There are a number of indices against which residential property performance can be assessed, some of which are based on asking prices or mortgage offers. The availability and use of Land Registry data that details all completed transactions, including cash purchases, provides a very accurate insight into the actual performance of the UK residential property.

Whilst the dynamics and characteristics of the two are quite different, the performance characteristics are similar and there is a fairly strong positive correlation of returns. Historically, commercial property values have tended to react quicker to negative changes to the economic environment, and research suggests that residential property is less volatile than commercial. This being said, residential property is not immune to the effects of challenging economic conditions, with current house prices in many regions still below the peaks of 2007.

Government support
Whilst the improving economy is good for both commercial and residential property, it is fair to say that the housing market is benefiting from direct political support.

The current government has been pro-active in seeking to support the housing market by stimulating demand through the “Help to Buy” scheme. It has also been active in trying to address the huge shortage in the supply of new housing both in the private rented and affordable housing sectors through initiatives like Build Now Pay Later and Get Britain Building, designed to encourage large-scale investment in residential property. Concerns have been raised about the creation of an artificial property bubble, and while the huge mismatch between the supply and demand in residential continues to present challenges, it also presents opportunities for investors.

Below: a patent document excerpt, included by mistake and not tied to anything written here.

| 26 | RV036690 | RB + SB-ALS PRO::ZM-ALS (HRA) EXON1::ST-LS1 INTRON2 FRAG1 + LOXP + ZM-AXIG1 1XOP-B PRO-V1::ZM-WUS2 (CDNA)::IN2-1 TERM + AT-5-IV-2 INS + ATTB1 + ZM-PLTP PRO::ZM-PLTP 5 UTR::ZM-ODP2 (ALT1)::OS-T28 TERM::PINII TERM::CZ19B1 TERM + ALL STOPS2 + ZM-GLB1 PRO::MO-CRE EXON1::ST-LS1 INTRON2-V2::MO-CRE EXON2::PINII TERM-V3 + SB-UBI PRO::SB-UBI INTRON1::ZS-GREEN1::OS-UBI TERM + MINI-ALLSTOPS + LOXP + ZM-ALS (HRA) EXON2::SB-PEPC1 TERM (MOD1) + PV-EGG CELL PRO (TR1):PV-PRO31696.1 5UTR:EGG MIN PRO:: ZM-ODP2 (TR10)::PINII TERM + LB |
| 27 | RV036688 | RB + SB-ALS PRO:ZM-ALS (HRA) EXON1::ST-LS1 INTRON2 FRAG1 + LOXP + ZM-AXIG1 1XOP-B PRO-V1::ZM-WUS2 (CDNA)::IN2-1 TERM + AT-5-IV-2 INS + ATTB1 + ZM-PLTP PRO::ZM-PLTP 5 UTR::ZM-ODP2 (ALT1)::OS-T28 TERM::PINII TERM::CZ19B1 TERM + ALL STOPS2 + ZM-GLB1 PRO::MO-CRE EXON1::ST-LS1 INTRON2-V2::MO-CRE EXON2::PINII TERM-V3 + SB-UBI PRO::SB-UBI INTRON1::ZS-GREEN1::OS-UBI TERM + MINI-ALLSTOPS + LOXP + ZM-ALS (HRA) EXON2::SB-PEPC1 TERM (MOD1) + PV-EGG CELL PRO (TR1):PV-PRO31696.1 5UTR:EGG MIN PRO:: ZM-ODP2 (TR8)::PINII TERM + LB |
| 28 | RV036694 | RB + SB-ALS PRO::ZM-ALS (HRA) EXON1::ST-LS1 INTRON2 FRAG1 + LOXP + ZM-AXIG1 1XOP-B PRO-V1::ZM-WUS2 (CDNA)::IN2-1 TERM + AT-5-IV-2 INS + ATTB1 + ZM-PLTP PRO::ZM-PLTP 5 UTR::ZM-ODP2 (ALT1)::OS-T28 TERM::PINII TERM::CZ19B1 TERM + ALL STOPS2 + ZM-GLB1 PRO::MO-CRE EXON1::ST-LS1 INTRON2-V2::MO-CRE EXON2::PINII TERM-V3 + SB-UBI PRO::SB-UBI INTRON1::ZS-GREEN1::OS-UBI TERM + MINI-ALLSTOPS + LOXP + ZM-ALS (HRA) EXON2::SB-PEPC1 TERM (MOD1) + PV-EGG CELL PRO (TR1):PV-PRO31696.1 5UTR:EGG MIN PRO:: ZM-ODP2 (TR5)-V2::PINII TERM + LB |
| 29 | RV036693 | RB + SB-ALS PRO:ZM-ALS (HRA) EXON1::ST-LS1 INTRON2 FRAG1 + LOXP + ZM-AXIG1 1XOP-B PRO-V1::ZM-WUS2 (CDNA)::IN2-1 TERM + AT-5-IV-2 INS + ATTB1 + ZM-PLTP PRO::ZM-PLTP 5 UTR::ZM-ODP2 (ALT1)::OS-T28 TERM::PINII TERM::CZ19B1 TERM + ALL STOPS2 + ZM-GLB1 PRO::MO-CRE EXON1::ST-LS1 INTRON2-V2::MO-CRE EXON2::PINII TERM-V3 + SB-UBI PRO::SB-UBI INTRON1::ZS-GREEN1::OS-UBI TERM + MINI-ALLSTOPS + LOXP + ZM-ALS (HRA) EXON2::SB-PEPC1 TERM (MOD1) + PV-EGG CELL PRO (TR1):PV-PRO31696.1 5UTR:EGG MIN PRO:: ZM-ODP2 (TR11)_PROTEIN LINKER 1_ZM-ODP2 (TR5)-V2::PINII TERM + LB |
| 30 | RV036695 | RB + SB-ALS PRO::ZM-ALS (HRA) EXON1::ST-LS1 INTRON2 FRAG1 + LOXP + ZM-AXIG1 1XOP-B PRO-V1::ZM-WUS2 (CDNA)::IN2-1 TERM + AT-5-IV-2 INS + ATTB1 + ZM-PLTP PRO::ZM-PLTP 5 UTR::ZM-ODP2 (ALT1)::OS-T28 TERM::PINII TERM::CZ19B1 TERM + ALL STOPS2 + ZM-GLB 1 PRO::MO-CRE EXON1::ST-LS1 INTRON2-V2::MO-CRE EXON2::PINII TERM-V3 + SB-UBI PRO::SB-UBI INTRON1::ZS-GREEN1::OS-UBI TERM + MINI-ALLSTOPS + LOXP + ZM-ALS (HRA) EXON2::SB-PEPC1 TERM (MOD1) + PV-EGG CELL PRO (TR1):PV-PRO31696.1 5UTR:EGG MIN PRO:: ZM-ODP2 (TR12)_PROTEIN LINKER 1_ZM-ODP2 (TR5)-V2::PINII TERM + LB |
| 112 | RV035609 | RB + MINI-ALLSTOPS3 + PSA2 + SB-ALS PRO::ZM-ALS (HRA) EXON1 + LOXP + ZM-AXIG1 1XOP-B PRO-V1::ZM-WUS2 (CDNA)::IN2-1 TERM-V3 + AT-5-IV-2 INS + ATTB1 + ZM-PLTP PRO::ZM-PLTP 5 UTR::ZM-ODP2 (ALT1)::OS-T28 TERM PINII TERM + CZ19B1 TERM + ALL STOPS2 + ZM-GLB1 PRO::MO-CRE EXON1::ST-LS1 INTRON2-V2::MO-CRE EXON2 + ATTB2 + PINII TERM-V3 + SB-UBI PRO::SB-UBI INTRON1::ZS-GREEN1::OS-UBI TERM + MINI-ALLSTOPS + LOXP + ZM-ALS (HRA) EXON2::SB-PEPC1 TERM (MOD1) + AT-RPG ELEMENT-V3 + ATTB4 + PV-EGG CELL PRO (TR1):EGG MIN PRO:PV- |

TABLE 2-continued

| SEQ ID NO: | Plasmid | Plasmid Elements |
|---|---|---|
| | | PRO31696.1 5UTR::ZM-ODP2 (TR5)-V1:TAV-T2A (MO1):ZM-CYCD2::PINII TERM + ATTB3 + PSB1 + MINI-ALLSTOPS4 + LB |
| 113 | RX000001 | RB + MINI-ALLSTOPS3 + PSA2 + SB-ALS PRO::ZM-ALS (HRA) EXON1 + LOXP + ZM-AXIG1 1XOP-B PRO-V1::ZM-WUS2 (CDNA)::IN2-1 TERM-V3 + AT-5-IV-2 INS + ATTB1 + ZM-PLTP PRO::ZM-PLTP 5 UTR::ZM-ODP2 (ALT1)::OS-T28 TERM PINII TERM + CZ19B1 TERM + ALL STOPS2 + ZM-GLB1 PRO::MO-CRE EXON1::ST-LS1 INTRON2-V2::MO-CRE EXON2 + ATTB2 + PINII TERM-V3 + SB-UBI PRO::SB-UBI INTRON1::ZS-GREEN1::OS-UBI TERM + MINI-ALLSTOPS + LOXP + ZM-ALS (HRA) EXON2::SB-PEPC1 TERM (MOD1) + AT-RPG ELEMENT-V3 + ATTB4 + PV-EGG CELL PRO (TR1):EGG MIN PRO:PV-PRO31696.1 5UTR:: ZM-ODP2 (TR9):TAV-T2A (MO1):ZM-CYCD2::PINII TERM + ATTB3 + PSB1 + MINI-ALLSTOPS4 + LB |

We believe the evolution of residential property as a bona fide asset class for investors will continue. Already we have seen several councils working with private sector partners to invest in residential property, and the asset class has also attracted interest from Swedish and Canadian pension schemes.

Comparisons with commercial property are inevitable and rightly so. Many investors will already be familiar with commercial property as an asset class but may be less so with residential. It would be easy to assume that these two “bricks & mortar” investments worked in the same way but clearly this is not the case, and we hope this article provides a reasonable starting point for further analysis.

The different characteristics of each suggest to us that combining the two within multi-asset portfolios provides the potential for robust risk-adjusted and uncorrelated returns from investing in tangible assets that are familiar to all.


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Published: November 1, 2013